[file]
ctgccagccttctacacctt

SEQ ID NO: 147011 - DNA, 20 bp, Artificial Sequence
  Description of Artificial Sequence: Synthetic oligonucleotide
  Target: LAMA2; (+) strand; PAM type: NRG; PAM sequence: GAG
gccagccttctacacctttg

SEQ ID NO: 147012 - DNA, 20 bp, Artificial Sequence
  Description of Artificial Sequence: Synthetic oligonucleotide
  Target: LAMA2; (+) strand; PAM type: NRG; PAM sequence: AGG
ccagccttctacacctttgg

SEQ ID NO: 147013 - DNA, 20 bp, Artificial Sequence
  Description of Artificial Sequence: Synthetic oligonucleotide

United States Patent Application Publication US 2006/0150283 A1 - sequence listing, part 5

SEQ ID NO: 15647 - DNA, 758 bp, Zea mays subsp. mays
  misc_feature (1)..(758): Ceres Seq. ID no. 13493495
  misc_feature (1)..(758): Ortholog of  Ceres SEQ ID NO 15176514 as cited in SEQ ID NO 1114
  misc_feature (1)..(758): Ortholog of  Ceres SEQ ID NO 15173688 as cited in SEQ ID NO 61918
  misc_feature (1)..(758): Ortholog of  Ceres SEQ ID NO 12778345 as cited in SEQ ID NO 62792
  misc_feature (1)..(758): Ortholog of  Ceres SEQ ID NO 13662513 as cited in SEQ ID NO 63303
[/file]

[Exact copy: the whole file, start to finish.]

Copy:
ctgccagccttctacacctt

SEQ ID NO: 147011 - DNA, 20 bp, Artificial Sequence
  Description of Artificial Sequence: Synthetic oligonucleotide
  Target: LAMA2; (+) strand; PAM type: NRG; PAM sequence: GAG
gccagccttctacacctttg

SEQ ID NO: 147012 - DNA, 20 bp, Artificial Sequence
  Description of Artificial Sequence: Synthetic oligonucleotide
  Target: LAMA2; (+) strand; PAM type: NRG; PAM sequence: AGG
ccagccttctacacctttgg

SEQ ID NO: 147013 - DNA, 20 bp, Artificial Sequence
  Description of Artificial Sequence: Synthetic oligonucleotide

United States Patent Application Publication US 2006/0150283 A1 - sequence listing, part 5

SEQ ID NO: 15647 - DNA, 758 bp, Zea mays subsp. mays
  misc_feature (1)..(758): Ceres Seq. ID no. 13493495
  misc_feature (1)..(758): Ortholog of  Ceres SEQ ID NO 15176514 as cited in SEQ ID NO 1114
  misc_feature (1)..(758): Ortholog of  Ceres SEQ ID NO 15173688 as cited in SEQ ID NO 61918
  misc_feature (1)..(758): Ortholog of  Ceres SEQ ID NO 12778345 as cited in SEQ ID NO 62792
  misc_feature (1)..(758): Ortholog of  Ceres SEQ ID NO 13662513 as cited in SEQ ID NO 63303